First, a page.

Foreword Reviews

Healthy Comforting Imaginative

All in a Single Recipe


As winter’s chill settles in, the magnetic pull of the oven, heavy cooking pots, and soup cauldrons draws us back to the kitchen to prepare heartier, more elaborate, more comforting meals.

This new collection of standout independently published cookbooks responds to greater interest in working with high-quality, unprocessed ingredients, accessible instruction that does not involve a restaurant’s worth of fancy batterie de cuisine, and healthier versions of traditional recipes. You’ll not find reference to condensed soup or dried onion soup mix among them.

A good thing, according to a certain celebrity culinary diva.

The Essential Edible Pharmacy

heal yourself from the inside out

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Sophie Manolas
Exisle Publishing
Softcover $29.99 (240pp)
Buy: Local Bookstore (Bookshop), Amazon

Controlling her own chronic illness through diet led Australian Sophie Manolas to a career as a clinical nutritionist. Manolas’s zeal for good food and good health drives this book in its exploration of sixty common superfood ingredients. From arugula to fennel seeds, she denotes the chemistry and healing properties of each food, illustrated with a creative, eye-poppingly colorful recipe and elegant photograph.

With separate recipe and ingredient indices, and sidebars at the top of each section listing these edible pharmaceuticals’ health benefits, it’s easy to flip through and locate delicious ingredients and recipes for whatever ails you. Looking for foods rich in antioxidants? Try hazelnut-rich Torta Gianduia. Need to boost your immune system? A Comfort Salad of winter squash and chickpeas should do the trick. Been abusing your liver? Turmeric Milk is what Manolas prescribes.

The author is an exuberant advocate of healthy eating, and a playful writer. She rhapsodizes about purple kale—“it’s so beautiful I want to make a suit of it and wear it around”—and warns about “full-blown kitchen meltdown” when she runs out of sesame seeds. The Edible Pharmacy is a delightful resource for anyone who wants to achieve better health through cooking, but even if you are blessed with radiant wellness, it earns its place in the cookbook library to help ward off illness, improve skin tone, and boost energy.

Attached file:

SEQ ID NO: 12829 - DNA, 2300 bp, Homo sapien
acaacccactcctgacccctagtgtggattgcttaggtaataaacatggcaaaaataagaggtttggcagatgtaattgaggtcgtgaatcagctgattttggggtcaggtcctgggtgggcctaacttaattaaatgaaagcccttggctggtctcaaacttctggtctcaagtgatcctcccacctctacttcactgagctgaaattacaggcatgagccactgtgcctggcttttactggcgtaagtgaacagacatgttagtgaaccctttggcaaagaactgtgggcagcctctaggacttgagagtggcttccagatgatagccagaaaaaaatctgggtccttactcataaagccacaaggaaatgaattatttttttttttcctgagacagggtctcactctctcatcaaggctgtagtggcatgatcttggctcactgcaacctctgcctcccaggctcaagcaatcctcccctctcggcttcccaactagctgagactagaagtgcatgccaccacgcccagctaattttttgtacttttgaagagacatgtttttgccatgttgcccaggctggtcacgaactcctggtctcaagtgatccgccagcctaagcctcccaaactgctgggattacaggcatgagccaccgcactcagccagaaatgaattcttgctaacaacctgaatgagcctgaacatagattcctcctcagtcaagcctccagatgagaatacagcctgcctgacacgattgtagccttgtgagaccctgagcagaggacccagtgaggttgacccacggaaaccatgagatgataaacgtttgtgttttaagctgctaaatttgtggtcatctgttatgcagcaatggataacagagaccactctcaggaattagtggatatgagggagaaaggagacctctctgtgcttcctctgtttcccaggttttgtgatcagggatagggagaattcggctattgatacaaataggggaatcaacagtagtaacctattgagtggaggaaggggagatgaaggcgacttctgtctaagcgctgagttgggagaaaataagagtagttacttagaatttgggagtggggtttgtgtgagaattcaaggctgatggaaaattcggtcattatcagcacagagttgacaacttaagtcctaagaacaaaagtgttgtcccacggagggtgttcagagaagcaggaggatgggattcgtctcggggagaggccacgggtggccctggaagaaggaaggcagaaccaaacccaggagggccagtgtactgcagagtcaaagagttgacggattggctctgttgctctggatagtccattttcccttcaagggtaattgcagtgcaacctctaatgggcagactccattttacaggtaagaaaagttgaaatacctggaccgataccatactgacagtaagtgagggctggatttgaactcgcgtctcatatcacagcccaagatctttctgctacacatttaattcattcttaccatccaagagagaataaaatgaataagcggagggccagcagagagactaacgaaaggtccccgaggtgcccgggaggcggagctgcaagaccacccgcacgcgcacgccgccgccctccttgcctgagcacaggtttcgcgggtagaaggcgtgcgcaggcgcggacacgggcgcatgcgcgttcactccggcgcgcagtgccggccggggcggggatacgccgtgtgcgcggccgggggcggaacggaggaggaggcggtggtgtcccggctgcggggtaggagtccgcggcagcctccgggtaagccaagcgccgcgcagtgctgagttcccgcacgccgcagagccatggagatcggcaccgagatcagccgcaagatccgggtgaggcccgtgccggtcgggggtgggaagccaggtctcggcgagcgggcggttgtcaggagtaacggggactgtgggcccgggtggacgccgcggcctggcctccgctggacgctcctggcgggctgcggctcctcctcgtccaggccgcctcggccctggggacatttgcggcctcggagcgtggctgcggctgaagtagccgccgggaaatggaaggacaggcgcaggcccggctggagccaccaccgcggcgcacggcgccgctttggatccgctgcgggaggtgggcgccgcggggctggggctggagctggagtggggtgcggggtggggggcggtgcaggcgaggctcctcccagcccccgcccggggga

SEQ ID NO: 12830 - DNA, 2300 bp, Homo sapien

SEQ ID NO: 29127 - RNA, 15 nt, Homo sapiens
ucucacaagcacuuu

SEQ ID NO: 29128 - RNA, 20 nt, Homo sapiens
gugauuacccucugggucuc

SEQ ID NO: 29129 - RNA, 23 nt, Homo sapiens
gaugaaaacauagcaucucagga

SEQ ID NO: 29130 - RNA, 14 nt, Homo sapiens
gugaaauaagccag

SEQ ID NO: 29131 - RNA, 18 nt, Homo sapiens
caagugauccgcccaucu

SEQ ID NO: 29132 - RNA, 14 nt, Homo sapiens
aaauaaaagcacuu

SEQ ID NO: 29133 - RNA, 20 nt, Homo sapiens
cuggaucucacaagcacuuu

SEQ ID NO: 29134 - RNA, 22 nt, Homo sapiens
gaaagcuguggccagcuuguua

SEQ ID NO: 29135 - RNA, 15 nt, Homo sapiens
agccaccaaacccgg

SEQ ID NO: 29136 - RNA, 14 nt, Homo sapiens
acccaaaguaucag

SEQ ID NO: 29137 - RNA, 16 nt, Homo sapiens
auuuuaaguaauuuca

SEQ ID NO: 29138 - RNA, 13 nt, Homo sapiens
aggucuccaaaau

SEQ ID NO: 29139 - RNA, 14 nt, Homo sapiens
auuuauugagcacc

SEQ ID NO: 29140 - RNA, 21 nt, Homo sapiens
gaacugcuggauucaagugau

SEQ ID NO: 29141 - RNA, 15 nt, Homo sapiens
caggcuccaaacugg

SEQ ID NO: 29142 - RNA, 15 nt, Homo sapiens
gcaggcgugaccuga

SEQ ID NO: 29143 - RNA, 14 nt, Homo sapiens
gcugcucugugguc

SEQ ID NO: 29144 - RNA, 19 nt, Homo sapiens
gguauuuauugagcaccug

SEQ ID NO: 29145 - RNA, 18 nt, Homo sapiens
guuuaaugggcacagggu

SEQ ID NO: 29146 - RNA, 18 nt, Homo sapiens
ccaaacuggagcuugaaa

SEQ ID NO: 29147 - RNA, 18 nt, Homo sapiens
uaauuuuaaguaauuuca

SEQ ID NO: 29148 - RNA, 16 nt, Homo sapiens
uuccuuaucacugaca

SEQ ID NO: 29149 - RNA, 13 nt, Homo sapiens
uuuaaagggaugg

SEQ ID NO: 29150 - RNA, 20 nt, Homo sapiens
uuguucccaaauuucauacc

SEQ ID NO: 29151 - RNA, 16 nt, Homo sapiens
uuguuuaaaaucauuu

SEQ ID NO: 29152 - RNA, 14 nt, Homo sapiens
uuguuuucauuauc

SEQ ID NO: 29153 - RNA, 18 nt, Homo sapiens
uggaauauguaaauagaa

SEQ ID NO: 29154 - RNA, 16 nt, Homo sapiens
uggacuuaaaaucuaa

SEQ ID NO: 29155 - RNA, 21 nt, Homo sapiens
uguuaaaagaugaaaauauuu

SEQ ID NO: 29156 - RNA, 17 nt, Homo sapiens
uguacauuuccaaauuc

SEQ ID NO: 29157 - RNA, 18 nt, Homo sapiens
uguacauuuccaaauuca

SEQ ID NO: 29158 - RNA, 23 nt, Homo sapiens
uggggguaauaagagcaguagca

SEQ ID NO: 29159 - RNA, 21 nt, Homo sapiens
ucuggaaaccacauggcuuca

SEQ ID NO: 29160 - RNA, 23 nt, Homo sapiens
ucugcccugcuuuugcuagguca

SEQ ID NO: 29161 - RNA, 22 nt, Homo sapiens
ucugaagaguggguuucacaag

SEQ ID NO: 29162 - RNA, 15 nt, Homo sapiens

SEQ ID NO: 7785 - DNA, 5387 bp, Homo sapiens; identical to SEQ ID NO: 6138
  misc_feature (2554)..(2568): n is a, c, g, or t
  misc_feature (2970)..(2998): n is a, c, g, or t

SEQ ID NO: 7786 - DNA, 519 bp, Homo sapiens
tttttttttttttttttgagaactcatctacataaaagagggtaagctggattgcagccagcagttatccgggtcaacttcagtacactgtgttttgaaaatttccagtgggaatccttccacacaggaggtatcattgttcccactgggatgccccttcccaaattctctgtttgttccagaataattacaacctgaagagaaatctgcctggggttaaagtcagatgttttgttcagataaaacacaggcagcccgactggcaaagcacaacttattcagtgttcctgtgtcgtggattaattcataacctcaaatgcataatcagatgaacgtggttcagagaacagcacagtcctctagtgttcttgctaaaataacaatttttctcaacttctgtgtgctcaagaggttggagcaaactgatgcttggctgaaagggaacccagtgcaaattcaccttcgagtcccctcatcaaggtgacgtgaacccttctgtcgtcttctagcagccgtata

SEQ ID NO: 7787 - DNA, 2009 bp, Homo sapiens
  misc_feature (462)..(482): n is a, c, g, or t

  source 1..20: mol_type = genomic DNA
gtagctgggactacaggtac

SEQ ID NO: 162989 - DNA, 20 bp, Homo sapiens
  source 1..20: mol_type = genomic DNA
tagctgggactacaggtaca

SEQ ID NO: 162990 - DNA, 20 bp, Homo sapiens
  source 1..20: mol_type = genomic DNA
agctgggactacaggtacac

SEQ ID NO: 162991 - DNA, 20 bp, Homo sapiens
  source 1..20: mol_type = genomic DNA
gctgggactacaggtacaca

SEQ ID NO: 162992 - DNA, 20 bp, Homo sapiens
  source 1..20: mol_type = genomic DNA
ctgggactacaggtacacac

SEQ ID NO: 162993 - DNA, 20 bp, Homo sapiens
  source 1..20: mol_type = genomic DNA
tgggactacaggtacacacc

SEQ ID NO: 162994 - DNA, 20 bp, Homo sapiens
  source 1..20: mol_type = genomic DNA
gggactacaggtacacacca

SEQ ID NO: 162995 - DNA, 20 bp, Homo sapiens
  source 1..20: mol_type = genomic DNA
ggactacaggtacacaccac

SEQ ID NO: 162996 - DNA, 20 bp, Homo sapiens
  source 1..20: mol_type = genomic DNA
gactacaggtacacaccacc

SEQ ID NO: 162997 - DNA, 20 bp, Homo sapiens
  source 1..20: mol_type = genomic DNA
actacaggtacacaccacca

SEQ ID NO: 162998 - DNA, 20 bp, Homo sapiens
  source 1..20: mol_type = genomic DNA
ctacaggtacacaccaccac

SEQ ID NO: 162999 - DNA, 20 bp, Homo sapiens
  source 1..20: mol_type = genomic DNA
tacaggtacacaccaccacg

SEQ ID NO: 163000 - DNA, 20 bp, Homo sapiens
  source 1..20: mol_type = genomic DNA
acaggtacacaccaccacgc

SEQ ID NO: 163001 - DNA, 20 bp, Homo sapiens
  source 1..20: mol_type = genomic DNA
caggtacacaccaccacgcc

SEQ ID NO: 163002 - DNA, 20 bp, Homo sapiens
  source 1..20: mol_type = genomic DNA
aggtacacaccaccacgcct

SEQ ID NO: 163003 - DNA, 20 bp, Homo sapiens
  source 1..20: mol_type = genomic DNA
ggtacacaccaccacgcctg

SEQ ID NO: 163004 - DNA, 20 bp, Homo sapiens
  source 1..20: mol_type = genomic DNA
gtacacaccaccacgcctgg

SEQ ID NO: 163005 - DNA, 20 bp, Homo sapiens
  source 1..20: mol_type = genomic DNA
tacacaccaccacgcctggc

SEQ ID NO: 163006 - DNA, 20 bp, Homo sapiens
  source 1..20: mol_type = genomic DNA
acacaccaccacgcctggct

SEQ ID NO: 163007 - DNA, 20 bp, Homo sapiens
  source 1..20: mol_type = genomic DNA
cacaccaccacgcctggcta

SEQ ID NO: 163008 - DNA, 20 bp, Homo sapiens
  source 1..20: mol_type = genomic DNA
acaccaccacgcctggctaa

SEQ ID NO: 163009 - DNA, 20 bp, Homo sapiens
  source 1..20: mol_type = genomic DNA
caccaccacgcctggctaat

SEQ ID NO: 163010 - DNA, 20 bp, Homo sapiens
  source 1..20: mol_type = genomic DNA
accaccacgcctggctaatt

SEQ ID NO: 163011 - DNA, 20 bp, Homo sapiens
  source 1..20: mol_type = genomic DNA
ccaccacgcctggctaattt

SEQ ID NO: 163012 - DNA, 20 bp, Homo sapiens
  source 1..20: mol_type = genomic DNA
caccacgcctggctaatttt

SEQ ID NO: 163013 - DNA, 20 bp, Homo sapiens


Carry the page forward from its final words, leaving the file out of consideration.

RACHEL JAGARESKI (October 28, 2016)


Gennaro’s Italian Bakery

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Gennaro Contaldo
Dan Jones, illustrator
Interlink Pub Group
Hardcover $30.00 (224pp)
Buy: Local Bookstore (Bookshop), Amazon

Inspired by the communal ovens, or panetteria, in rural villages of his native Italy, this London-based restaurant and television chef offers a course on how to bake the tempting breads, cookies, focaccias, tarts, and other treats commonly seen at an Italian bakery. Gennaro Contaldo begins with straightforward advice, like using the proper kinds of flours for different baked goods and seeking out fresh yeast wherever possible. His instructions for a basic loaf of bread are encapsulated in five short, no-nonsense paragraphs, though an abundance of photographs helpfully illustrate the baker in action, kneading, knocking back, and forming the dough into a wonderful assortment of shapes so that novices can achieve similar results. His confident advice makes it seem simple enough to master the art of making fresh bread, if perhaps not daily as he exhorts. Certainly one could use the book as a guide on luxuriant baking days to tackle any number of toothsome creations, succinctly and expertly explained.

The author includes the history of many of the regional and holiday bakery items, like the Neapolitan Casatiello, larded with hard-cooked eggs, cheeses, and cured meats; harvesttime Grape and Rosemary Buns licked with olive oil, rosemary, and cinnamon; and the Le Marche region’s Pane di Farina di Ceci e Semo, a savory Pannettone-cousin that crowns the Easter feast. Dan Jones’s photography makes every illustration a food still life.

RACHEL JAGARESKI (October 28, 2016)

Smashed, Mashed, Boiled, and Baked—and Fried, Too!

A Celebration of Potatoes in 75 Irresistible Recipes

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Raghavan Iyer
Workman Publishing Company
Softcover $16.95 (256pp)
Buy: Local Bookstore (Bookshop), Amazon